Effects of Rhododendron removal and prescribed fire on bees and plants in the southern Appalachians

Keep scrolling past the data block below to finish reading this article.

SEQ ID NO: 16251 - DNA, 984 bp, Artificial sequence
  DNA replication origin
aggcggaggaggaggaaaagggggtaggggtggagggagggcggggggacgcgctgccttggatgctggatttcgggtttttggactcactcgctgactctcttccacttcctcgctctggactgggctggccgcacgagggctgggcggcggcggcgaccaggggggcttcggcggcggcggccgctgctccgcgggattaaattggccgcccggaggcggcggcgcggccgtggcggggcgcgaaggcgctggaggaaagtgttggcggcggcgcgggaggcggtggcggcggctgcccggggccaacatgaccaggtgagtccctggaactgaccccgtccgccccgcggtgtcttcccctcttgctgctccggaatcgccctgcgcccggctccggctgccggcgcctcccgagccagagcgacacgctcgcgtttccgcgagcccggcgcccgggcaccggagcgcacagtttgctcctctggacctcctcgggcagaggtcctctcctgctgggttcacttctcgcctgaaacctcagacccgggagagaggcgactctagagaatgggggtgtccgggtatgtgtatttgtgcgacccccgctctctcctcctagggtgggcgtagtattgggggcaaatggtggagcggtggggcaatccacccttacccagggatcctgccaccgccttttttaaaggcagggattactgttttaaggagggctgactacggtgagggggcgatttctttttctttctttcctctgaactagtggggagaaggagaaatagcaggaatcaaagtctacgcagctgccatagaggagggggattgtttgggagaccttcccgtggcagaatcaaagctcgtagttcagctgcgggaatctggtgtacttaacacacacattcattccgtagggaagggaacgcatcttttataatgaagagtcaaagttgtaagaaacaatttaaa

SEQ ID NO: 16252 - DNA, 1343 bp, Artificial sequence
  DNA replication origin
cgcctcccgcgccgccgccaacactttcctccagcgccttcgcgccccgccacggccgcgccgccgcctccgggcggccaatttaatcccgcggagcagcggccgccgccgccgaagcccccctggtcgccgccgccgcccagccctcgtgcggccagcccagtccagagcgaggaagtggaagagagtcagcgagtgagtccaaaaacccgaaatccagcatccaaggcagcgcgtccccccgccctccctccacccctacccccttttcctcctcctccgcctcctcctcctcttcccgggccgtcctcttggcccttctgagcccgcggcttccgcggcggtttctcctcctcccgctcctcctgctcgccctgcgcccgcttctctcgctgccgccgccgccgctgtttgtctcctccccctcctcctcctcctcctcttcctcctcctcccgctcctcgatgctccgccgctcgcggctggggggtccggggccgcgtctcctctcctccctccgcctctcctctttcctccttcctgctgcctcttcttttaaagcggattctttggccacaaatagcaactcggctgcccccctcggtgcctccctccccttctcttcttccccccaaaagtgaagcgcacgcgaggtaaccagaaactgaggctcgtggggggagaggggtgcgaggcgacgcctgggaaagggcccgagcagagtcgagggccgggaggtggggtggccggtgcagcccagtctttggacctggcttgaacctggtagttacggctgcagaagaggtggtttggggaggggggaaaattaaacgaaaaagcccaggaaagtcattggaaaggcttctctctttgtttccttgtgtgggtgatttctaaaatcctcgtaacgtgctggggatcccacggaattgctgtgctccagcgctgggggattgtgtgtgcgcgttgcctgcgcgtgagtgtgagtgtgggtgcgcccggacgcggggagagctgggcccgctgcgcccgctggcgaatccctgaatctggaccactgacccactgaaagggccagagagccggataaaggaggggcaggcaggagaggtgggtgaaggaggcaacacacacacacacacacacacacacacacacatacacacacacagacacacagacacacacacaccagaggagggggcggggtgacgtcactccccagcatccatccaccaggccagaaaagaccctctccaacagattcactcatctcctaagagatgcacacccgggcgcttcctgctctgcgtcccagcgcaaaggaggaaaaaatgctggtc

Rhododendron maximum is an evergreen shrub native to the Appalachian Mountains of North America that has expanded in recent decades due to past disturbances and land management. The purpose of this study was to explore how bees and plants were affected by the experimental removal of R. maximum followed by a prescribed fire in one watershed compared to a neighboring reference watershed. Bees and plants were sampled for three years in both watersheds. Comparisons were based on the rarefaction and extrapolation sampling curves of Hill numbers as well as multivariate methods to assess effects on community composition. Bee richness, Shannon's diversity, and Simpson's diversity did not differ between watersheds in the year after removal but were all significantly higher in the removal watershed in year two, following the prescribed fire. Bee Shannon's diversity and Simpson's diversity, but not richness, remained significantly higher in the removal watershed in the third year. Similar but weaker patterns were observed for plants. Comparisons of community composition found significant differences for bees in the second and third year and significant differences for plants in all three years. For both groups, significant indicator taxa were mostly associated with the removal watershed. Because bees appeared to respond more strongly to the prescribed fire than to the removal of R. maximum and these benefits weakened considerably one year after the fire, clearing R. maximum does not appear to dramatically improve pollinator habitat in the southern Appalachians. This conclusion is underscored by the fact that about one quarter of the bee species in our study area were observed visiting R. maximum flowers. The creation of open areas with wildflowers may be a better way to benefit bees in this region judging from the high diversity of bees captured in the small roadside clearings in this study.